I worked with Jack Hay,a steam engineer, on several jobs for James. Last I heard of Jack,Someone told me he had "taken charge" of
a bar on a cross channel ferry.That quite a few years ago,and probably
just a "story". He was a Scot and well liked,very good at his job.
Hi Eric. Just to let you know that my dad Sam Jupe passed away on 18th November 4 weeks before his 97th birthday. My brother has sent an article to the Portsmouth News naming dad as the last survivor of the sinking of the PS Portsdown. It is too big a file to download here Regards. Ray
Hi Ray,sorry to hear of Sam passing on,my wife and I were recently talking about when I worked in Ireland on the "AFRICA" Sam was Master of "F101",I did the run back to James yard on the "F102"with George Flood.I shall look out for your article in "Portsmouth News"Thanks for letting me know, Best Wishes,Eric.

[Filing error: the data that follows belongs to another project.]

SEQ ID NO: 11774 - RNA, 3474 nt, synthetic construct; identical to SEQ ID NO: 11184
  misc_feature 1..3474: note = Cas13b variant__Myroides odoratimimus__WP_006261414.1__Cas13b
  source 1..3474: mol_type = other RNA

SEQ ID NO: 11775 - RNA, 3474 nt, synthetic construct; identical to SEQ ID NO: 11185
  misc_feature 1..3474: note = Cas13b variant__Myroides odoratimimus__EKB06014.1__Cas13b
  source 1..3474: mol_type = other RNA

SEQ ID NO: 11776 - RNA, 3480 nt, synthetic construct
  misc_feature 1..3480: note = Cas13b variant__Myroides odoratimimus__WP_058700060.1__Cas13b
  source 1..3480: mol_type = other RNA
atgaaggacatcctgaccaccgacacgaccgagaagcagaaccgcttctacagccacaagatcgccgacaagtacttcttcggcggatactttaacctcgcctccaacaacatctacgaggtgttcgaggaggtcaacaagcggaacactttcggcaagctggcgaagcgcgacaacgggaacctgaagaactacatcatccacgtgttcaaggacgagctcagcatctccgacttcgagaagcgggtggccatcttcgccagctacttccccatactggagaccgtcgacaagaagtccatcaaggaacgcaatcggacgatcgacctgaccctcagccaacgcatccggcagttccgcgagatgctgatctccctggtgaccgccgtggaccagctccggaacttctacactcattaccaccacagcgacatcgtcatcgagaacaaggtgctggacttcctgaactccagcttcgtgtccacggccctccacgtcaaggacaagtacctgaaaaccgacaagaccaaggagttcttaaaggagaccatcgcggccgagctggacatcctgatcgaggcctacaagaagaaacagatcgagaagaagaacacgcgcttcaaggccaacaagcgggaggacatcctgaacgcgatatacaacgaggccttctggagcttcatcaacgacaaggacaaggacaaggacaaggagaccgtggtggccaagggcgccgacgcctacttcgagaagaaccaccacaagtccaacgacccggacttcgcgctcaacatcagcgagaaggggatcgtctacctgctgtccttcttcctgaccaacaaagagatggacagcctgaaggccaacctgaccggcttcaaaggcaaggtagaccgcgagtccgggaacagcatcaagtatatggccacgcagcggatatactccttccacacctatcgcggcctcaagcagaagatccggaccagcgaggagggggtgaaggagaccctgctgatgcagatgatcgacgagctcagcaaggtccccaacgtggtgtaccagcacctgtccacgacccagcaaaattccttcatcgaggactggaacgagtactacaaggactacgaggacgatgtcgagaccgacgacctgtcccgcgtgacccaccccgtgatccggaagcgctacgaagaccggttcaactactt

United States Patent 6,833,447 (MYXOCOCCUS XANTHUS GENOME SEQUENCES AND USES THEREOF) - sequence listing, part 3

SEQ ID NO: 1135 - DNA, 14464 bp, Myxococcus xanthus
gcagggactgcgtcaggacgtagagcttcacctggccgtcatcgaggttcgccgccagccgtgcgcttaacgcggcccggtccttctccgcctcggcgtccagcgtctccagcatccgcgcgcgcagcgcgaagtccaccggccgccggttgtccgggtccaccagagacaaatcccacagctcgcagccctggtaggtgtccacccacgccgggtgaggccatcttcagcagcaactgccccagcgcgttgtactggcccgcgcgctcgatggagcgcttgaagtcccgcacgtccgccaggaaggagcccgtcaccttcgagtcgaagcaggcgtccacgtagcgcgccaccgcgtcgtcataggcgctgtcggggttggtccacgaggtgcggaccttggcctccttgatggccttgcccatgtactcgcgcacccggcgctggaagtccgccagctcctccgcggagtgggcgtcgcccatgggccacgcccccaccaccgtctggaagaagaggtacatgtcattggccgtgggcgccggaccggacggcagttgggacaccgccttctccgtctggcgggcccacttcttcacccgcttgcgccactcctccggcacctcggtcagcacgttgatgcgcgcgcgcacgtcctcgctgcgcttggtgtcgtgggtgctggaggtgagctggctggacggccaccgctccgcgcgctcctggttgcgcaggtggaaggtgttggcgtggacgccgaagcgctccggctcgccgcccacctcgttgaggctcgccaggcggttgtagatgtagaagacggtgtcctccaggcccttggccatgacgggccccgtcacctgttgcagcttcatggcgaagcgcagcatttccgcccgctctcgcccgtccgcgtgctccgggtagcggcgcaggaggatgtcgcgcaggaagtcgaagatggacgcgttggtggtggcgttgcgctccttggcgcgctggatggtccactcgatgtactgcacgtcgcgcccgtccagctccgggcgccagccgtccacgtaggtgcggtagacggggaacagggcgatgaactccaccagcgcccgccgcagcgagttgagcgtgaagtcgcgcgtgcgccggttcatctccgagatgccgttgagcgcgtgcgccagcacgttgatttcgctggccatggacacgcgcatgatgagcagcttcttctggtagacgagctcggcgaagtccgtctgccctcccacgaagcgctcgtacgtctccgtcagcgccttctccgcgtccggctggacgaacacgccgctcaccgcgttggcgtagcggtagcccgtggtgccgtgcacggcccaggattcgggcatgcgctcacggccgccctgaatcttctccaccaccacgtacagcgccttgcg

Dad worked for some time for Tilbury Contacting and Dredging Company which was part of the Bos Kalis (Westminster Dredging Group0
His main experience in Southampton was just before D Day, he was awaiting taking a Suction Dredger "Tilburian"to Arromanche to dredge the harbour area (as it became) and to ballast the blockships.
He was rudely awaken in the early hours by an Army Officer who told him he would have to move immediately. Well with coal fired boilers and only winches to move it wasn't just a matter of turning a key, which Dad most forcefully expressed. He did do his best as he was told the reason for moving was that he was sitting on an unexploded bomb!
Later on just after the end of the war he took a bucket dredger to Harwich and had quite a lot of interruptions in the dredging by the Bucket Man shouting "There's another bomb (or shell) in the Bucket"